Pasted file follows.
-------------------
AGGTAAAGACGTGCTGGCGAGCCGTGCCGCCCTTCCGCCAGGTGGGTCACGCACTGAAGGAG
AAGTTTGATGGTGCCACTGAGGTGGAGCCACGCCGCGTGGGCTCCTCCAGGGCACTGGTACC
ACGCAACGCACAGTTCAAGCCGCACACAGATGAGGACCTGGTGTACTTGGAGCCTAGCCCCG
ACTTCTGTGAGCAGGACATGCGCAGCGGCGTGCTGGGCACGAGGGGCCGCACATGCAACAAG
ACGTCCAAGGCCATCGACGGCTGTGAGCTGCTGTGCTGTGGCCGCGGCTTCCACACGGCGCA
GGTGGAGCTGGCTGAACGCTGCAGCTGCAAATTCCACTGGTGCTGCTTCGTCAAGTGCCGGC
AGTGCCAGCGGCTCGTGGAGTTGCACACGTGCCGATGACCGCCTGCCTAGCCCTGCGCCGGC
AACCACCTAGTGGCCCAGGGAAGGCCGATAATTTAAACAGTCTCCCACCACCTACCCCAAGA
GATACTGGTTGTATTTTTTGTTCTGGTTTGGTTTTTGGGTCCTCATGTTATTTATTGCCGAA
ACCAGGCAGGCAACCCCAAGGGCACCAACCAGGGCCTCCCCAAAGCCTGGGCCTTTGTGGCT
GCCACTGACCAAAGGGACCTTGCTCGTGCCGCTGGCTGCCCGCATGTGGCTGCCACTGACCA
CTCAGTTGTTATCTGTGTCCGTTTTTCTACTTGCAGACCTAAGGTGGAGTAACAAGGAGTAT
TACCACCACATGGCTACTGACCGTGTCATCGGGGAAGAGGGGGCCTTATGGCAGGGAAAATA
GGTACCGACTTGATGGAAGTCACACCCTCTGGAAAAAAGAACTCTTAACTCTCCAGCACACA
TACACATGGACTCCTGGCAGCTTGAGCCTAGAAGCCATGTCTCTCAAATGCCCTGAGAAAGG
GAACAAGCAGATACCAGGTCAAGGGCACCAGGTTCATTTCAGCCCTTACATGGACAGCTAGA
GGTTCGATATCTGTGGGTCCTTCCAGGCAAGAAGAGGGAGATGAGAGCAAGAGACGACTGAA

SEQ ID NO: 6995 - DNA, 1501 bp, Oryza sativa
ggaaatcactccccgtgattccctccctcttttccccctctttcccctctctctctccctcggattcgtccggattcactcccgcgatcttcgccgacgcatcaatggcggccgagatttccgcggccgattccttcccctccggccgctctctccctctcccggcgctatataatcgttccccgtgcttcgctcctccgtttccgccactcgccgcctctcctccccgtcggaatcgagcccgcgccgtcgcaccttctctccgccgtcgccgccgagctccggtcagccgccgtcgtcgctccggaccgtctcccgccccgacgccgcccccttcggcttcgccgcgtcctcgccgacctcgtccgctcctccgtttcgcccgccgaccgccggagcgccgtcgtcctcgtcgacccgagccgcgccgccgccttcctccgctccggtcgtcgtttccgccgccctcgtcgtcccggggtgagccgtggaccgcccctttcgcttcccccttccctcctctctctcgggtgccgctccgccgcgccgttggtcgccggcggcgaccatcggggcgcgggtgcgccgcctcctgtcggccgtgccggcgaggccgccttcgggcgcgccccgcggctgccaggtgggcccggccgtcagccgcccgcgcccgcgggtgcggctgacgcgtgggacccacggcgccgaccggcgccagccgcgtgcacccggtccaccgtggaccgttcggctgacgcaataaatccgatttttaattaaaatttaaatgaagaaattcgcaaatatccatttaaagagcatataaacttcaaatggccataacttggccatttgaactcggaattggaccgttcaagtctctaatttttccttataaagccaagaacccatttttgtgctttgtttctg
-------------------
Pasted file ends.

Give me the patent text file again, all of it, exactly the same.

AGGTAAAGACGTGCTGGCGAGCCGTGCCGCCCTTCCGCCAGGTGGGTCACGCACTGAAGGAG
AAGTTTGATGGTGCCACTGAGGTGGAGCCACGCCGCGTGGGCTCCTCCAGGGCACTGGTACC
ACGCAACGCACAGTTCAAGCCGCACACAGATGAGGACCTGGTGTACTTGGAGCCTAGCCCCG
ACTTCTGTGAGCAGGACATGCGCAGCGGCGTGCTGGGCACGAGGGGCCGCACATGCAACAAG
ACGTCCAAGGCCATCGACGGCTGTGAGCTGCTGTGCTGTGGCCGCGGCTTCCACACGGCGCA
GGTGGAGCTGGCTGAACGCTGCAGCTGCAAATTCCACTGGTGCTGCTTCGTCAAGTGCCGGC
AGTGCCAGCGGCTCGTGGAGTTGCACACGTGCCGATGACCGCCTGCCTAGCCCTGCGCCGGC
AACCACCTAGTGGCCCAGGGAAGGCCGATAATTTAAACAGTCTCCCACCACCTACCCCAAGA
GATACTGGTTGTATTTTTTGTTCTGGTTTGGTTTTTGGGTCCTCATGTTATTTATTGCCGAA
ACCAGGCAGGCAACCCCAAGGGCACCAACCAGGGCCTCCCCAAAGCCTGGGCCTTTGTGGCT
GCCACTGACCAAAGGGACCTTGCTCGTGCCGCTGGCTGCCCGCATGTGGCTGCCACTGACCA
CTCAGTTGTTATCTGTGTCCGTTTTTCTACTTGCAGACCTAAGGTGGAGTAACAAGGAGTAT
TACCACCACATGGCTACTGACCGTGTCATCGGGGAAGAGGGGGCCTTATGGCAGGGAAAATA
GGTACCGACTTGATGGAAGTCACACCCTCTGGAAAAAAGAACTCTTAACTCTCCAGCACACA
TACACATGGACTCCTGGCAGCTTGAGCCTAGAAGCCATGTCTCTCAAATGCCCTGAGAAAGG
GAACAAGCAGATACCAGGTCAAGGGCACCAGGTTCATTTCAGCCCTTACATGGACAGCTAGA
GGTTCGATATCTGTGGGTCCTTCCAGGCAAGAAGAGGGAGATGAGAGCAAGAGACGACTGAA

SEQ ID NO: 6995 - DNA, 1501 bp, Oryza sativa
ggaaatcactccccgtgattccctccctcttttccccctctttcccctctctctctccctcggattcgtccggattcactcccgcgatcttcgccgacgcatcaatggcggccgagatttccgcggccgattccttcccctccggccgctctctccctctcccggcgctatataatcgttccccgtgcttcgctcctccgtttccgccactcgccgcctctcctccccgtcggaatcgagcccgcgccgtcgcaccttctctccgccgtcgccgccgagctccggtcagccgccgtcgtcgctccggaccgtctcccgccccgacgccgcccccttcggcttcgccgcgtcctcgccgacctcgtccgctcctccgtttcgcccgccgaccgccggagcgccgtcgtcctcgtcgacccgagccgcgccgccgccttcctccgctccggtcgtcgtttccgccgccctcgtcgtcccggggtgagccgtggaccgcccctttcgcttcccccttccctcctctctctcgggtgccgctccgccgcgccgttggtcgccggcggcgaccatcggggcgcgggtgcgccgcctcctgtcggccgtgccggcgaggccgccttcgggcgcgccccgcggctgccaggtgggcccggccgtcagccgcccgcgcccgcgggtgcggctgacgcgtgggacccacggcgccgaccggcgccagccgcgtgcacccggtccaccgtggaccgttcggctgacgcaataaatccgatttttaattaaaatttaaatgaagaaattcgcaaatatccatttaaagagcatataaacttcaaatggccataacttggccatttgaactcggaattggaccgttcaagtctctaatttttccttataaagccaagaacccatttttgtgctttgtttctg